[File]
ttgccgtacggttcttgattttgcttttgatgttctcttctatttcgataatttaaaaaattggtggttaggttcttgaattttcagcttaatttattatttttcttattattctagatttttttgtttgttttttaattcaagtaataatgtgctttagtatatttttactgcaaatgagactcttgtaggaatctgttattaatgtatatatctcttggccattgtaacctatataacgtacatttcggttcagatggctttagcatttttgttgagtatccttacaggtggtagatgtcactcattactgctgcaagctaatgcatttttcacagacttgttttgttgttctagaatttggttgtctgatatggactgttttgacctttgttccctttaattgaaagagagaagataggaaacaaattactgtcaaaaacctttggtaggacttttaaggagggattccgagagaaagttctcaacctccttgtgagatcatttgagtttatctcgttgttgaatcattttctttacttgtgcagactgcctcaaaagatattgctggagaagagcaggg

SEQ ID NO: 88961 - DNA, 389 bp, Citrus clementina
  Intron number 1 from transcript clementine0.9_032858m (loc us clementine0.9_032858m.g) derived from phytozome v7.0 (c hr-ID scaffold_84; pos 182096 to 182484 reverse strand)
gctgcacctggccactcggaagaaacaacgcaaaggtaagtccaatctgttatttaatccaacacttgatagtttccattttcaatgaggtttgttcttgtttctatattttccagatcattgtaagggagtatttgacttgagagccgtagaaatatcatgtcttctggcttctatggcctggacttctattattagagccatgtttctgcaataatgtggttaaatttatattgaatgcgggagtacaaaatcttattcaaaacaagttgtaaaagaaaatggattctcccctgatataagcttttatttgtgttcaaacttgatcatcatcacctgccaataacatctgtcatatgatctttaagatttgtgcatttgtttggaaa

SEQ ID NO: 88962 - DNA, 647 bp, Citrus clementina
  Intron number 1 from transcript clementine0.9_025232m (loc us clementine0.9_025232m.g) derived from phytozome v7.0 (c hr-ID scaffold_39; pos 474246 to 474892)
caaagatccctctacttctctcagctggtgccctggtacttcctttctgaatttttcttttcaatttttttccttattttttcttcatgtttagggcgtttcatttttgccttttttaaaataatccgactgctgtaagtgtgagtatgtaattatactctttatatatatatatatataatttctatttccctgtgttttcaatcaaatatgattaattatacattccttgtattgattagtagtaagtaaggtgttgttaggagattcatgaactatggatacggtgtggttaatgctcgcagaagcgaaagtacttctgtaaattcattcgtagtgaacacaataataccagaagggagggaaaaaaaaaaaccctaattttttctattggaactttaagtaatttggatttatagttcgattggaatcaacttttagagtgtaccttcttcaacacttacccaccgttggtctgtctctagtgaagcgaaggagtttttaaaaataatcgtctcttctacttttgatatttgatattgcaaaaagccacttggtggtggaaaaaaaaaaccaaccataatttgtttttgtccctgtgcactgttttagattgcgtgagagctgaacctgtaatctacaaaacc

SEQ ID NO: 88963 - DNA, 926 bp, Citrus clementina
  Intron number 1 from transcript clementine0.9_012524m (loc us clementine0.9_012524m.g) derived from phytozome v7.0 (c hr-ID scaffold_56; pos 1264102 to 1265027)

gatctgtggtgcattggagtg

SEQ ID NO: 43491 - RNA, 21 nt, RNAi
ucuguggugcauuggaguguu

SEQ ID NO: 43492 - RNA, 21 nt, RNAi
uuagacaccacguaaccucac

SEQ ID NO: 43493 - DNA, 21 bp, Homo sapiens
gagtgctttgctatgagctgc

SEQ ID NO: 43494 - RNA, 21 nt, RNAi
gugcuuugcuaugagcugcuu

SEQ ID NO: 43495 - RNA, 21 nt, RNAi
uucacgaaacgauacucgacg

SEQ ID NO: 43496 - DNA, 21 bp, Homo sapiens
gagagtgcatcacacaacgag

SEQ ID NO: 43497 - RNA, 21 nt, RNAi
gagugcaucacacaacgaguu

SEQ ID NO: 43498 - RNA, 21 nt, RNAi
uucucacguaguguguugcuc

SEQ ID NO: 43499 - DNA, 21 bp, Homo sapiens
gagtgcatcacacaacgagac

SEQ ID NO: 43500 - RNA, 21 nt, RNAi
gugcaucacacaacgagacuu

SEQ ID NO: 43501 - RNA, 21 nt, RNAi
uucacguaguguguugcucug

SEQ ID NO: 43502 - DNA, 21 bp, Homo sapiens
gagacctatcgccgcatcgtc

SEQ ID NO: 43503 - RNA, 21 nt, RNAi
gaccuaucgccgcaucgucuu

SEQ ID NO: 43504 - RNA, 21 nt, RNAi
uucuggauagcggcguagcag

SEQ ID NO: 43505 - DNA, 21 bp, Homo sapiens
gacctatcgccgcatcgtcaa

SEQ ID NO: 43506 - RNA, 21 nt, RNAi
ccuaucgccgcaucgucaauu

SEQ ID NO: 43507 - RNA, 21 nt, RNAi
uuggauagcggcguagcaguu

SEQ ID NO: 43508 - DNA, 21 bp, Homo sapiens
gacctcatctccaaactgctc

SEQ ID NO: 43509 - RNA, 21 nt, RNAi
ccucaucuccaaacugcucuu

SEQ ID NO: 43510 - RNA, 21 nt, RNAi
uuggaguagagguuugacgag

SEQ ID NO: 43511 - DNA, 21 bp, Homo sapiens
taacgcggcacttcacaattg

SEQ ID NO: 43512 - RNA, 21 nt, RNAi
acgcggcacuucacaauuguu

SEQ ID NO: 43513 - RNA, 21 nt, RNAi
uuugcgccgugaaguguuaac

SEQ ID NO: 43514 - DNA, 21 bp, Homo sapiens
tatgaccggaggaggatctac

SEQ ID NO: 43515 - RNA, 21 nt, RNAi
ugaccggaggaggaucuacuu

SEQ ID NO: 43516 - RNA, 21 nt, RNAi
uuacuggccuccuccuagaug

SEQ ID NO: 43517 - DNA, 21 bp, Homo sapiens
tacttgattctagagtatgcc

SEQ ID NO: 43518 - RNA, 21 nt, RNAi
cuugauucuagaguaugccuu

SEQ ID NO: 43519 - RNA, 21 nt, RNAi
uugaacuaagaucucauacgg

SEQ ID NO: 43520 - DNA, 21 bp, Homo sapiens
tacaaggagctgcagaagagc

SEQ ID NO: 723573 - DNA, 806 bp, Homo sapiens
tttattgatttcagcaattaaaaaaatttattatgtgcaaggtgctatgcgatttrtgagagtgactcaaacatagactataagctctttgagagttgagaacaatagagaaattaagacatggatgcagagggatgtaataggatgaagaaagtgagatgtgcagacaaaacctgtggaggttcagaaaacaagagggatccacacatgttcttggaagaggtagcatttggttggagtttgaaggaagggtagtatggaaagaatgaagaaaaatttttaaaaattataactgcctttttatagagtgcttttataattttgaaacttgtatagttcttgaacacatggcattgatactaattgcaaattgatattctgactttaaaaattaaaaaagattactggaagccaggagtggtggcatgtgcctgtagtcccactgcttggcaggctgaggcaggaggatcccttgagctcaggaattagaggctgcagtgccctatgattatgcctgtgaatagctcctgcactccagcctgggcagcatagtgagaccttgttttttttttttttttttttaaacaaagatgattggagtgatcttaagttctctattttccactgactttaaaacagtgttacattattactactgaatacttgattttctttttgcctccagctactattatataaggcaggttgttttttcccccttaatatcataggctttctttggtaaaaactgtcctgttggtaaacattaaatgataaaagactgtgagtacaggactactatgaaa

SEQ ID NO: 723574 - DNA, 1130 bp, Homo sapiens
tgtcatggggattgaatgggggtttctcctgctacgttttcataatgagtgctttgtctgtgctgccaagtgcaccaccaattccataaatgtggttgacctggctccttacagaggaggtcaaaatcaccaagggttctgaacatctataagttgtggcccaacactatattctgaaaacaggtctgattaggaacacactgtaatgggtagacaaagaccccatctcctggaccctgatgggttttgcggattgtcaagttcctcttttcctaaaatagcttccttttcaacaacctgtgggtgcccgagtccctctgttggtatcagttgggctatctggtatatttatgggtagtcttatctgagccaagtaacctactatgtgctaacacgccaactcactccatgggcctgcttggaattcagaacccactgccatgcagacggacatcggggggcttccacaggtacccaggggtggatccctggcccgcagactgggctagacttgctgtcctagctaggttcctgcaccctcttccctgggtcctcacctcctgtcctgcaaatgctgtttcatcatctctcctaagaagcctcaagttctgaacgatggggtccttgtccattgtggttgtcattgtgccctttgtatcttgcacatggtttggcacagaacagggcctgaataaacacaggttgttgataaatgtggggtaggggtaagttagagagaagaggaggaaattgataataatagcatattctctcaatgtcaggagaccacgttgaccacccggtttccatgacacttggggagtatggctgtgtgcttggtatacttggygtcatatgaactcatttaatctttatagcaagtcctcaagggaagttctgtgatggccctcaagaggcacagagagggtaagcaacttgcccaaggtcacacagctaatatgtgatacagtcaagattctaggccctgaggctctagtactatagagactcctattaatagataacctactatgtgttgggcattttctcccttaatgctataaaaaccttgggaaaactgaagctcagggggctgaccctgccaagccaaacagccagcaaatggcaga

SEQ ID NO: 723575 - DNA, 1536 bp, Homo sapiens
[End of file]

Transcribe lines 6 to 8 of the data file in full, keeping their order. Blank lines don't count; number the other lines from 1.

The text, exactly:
  Intron number 1 from transcript clementine0.9_025232m (loc us clementine0.9_025232m.g) derived from phytozome v7.0 (c hr-ID scaffold_39; pos 474246 to 474892)
caaagatccctctacttctctcagctggtgccctggtacttcctttctgaatttttcttttcaatttttttccttattttttcttcatgtttagggcgtttcatttttgccttttttaaaataatccgactgctgtaagtgtgagtatgtaattatactctttatatatatatatatataatttctatttccctgtgttttcaatcaaatatgattaattatacattccttgtattgattagtagtaagtaaggtgttgttaggagattcatgaactatggatacggtgtggttaatgctcgcagaagcgaaagtacttctgtaaattcattcgtagtgaacacaataataccagaagggagggaaaaaaaaaaaccctaattttttctattggaactttaagtaatttggatttatagttcgattggaatcaacttttagagtgtaccttcttcaacacttacccaccgttggtctgtctctagtgaagcgaaggagtttttaaaaataatcgtctcttctacttttgatatttgatattgcaaaaagccacttggtggtggaaaaaaaaaaccaaccataatttgtttttgtccctgtgcactgttttagattgcgtgagagctgaacctgtaatctacaaaacc

SEQ ID NO: 88963 - DNA, 926 bp, Citrus clementina